Roy Exum: Justice’s Walking-Horse Victory

Saturday, May 26, 2012 - by Roy Exum
Roy Exum
Roy Exum

Anyone who has ever had a dog eagerly lick their face or a horse gently nuzzle their neck is rightfully incensed over a scathing video that the Humane Society made available last week. It clearly shows that blatant atrocities within the Tennessee Walking Horse industry are quite prevalent and the stunning revelation has those who adore the majestic animals in a worldwide uproar.

But just as thousands of heartsick owners now scream that the four-decade practice of soring and torturing these beautiful animals must be stopped, it is vitally important that any steps to corral the likes of Barney “The Bum” Davis and Jackie “The Jerk” McConnell must be accomplished by what is today the most glaring scar in the horse industry itself – the honest truth.

Everyone involved – owners, trainers, breeders, judges, exhibitors and others -- must vow to play by the rules and as “we, the people” bring the cheaters one by one to justice, the most heinous should be accorded every right as our fellow citizens.

Hard to stomach – you bet – but it is the only way that will work. Walking horses follow the right path – so should we.Barney “The Bum” and Jackie “The Jerk” are the first two horse trainers who have ever pleaded guilty in a federal court of willfully violating the Horse Protection Act. Although the laws have been in existence since 1968 and the U.S. Department of Agriculture has cited literally thousands for violations, it was not until tenacious federal investigators in Chattanooga agreed to prosecute these two louts last year that the horse industry finally flinched. And the two guilty verdicts may soon change the entire walking horse culture.

After the Humane Society video appeared on the CBS news show “Nightline,” there have been those, including myself, who want the scofflaw McConnell sentenced to prison for life. But because we are a nation where our Constitution and the laws of our land are not only upheld but revered, our ire and contempt must be bridled by the fact that both Barney and Jackie actually pleaded guilty to no more than a single misdemeanor. Until state and federal laws are changed – and they will be -- our people and our legal system are bound by truth and duty to do what is right. Please, as mad as we all are that Jackie McConnell “coped a plea” on Tuesday in the federal courthouse and may indeed “walk” when sentencing occurs on Sept. 10, it is crucial that any lasting change will only come about by abiding the laws of our land and doing so the right way.

Yes, Barney Davis, a thug of a trainer from Shelbyville, was sentenced to a year in prison in Chattanooga’s federal courthouse but – get this – the jail time wasn’t for a violation of the Horse Protection Act. No, not at all. That is only a misdemeanor, punishable only for up to six months. What got Barney a year in jail was the fact he threatened a witness and illegally transported horses across state lines – which are felonies.In stark reality, federal prosecutors later offered McConnell a deal because even if they took him to trial, and got convictions on every one of 48 counts, it would still be only a misdemeanor under federal law.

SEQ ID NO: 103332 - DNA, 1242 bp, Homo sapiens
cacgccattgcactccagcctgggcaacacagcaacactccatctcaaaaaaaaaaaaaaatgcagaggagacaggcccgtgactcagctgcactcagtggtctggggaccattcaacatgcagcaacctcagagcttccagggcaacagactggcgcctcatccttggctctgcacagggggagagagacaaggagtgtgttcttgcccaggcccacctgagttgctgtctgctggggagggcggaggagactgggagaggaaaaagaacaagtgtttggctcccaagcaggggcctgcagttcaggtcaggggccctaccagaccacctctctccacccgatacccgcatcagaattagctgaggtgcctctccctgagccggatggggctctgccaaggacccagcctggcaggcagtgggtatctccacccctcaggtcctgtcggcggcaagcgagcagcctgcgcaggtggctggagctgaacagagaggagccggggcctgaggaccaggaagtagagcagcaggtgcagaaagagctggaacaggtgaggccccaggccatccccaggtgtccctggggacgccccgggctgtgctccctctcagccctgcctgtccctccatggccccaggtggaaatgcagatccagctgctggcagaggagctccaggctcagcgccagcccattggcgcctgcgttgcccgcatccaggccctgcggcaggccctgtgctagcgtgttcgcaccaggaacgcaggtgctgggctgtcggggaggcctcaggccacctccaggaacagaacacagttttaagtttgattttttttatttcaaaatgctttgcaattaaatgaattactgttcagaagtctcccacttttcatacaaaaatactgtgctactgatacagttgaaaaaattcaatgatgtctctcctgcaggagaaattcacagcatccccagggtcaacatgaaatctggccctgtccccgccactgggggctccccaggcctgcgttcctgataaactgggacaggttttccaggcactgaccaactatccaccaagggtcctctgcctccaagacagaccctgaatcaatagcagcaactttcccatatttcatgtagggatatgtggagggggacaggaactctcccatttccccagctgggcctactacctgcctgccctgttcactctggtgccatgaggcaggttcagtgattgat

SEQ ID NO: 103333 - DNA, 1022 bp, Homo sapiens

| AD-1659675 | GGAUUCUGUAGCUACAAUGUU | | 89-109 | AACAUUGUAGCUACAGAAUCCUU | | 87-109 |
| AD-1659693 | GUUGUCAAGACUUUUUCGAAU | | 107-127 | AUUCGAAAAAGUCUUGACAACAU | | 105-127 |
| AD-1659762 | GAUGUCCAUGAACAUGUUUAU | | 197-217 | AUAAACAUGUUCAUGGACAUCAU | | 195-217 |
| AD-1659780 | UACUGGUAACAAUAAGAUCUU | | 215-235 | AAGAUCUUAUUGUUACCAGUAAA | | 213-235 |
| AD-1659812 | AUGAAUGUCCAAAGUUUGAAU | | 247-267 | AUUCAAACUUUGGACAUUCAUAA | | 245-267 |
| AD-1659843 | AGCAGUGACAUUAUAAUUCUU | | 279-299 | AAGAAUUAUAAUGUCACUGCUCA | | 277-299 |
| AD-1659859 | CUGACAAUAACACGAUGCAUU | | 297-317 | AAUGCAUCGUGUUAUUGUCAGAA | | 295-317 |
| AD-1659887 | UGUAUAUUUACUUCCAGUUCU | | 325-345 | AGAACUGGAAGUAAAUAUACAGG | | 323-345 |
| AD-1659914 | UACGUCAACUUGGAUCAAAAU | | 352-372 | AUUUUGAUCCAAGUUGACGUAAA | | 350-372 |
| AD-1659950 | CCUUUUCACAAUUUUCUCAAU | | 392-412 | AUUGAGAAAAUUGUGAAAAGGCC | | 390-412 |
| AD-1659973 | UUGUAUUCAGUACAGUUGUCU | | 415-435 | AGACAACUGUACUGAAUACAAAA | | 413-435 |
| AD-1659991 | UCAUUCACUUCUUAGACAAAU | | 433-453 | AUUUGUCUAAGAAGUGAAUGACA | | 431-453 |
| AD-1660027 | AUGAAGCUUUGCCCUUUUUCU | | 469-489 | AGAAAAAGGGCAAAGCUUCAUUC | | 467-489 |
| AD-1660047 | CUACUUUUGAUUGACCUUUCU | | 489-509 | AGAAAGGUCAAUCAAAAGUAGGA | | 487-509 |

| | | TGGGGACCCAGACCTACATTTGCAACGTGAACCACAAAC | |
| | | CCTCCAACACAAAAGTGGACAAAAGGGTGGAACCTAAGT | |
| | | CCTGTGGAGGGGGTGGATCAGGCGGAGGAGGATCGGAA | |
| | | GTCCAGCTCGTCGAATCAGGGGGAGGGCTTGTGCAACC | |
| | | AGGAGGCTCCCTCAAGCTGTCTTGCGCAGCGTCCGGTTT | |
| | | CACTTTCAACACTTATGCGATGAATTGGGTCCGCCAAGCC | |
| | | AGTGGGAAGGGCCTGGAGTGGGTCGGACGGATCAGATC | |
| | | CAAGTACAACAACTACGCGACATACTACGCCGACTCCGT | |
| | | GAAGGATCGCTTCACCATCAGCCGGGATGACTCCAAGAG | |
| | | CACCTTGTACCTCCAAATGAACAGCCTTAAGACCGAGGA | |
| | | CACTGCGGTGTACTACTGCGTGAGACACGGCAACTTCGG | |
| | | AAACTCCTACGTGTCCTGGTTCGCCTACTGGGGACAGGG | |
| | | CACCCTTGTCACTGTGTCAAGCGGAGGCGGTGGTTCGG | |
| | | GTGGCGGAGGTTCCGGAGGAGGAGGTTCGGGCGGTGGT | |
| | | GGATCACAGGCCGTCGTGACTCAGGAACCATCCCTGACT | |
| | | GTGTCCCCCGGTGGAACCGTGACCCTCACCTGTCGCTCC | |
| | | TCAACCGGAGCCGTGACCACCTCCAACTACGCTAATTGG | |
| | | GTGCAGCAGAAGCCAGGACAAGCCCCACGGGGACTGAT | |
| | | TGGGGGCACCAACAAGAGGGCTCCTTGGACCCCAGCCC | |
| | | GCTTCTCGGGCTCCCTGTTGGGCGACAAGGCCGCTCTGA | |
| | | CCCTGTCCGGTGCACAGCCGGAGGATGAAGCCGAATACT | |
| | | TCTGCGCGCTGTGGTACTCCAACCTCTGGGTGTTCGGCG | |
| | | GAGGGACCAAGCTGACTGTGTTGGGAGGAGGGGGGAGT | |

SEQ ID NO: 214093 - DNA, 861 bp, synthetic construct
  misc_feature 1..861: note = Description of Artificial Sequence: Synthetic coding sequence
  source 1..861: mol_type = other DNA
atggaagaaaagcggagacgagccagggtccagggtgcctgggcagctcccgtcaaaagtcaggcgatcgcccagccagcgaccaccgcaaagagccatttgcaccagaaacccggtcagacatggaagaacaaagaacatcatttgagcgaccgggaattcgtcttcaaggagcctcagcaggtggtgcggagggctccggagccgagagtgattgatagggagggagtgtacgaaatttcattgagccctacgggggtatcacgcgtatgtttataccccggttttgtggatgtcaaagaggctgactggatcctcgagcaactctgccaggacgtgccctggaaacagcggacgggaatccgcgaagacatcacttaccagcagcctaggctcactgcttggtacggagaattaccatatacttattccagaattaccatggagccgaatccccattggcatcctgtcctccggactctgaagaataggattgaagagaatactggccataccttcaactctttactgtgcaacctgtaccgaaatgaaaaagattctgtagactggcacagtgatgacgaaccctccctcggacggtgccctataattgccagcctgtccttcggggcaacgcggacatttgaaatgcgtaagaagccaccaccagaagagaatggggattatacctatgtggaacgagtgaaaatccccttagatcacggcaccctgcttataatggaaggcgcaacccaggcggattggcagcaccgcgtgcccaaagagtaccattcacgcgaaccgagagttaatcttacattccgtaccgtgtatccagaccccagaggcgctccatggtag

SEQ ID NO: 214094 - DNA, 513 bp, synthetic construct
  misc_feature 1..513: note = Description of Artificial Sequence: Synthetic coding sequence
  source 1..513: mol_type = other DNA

While you cry and groan and gnash your teeth after seeing McConnell’s performance in the undercover tape and rage a scurrilous record that shows over 30 years of nauseating abuse, let me tell you how “the system” just hit Jackie harder than when he belted the horse Moody Star with that electric cattle prod in the video.

First, federal prosecutors in Eastern and Middle Tennessee are now eager to prosecute horse soring. They have heard the outrage and, just as the state legislature and Congress are pursuing rigid new laws, I have talked to two prosecutors who say they are now ready to challenge any other louts in a court of law. They have told investigators to search out other miscreants and, stirred by the horrific video, affirm they will actively pursue guilty verdicts.

Face it, when you are dealing with pedophiles, drug rings, human trafficking, murder cases and all else that is horrible in the federal court, there comes a point where animal abuse hardly compares with larger, far more gruesome crimes. But now the public outcry is so loud it can no longer be ignored and animal-rights activists should relish the heightened enforcement.

But what good does it do if a misdemeanor is all a prolonged investigation will yield? Just this: Jackie McConnell still faces 15 counts next month in a West Tennessee courtroom. These are state charges and – after he has already pleaded guilty in Federal Court -- I don’t much like “his grip of the rope” against state prosecutors who are armed with his own guilty plea! The Humane Society has called the state safety commissioner seeking help, and it is anticipated the HSUS will have a far-greater presence in Tennessee in the near future.

Plus, the federal plea also removes McConnell from ever showing horses again. The feds seized his truck and trailer and there is the chance Federal Judge Sandy Mattice will give him a lengthy probation, which will assure he will be closely watched. McConnell can also be heavily fined and punished in other ways when he is sentenced in Chattanooga on Sept. 10.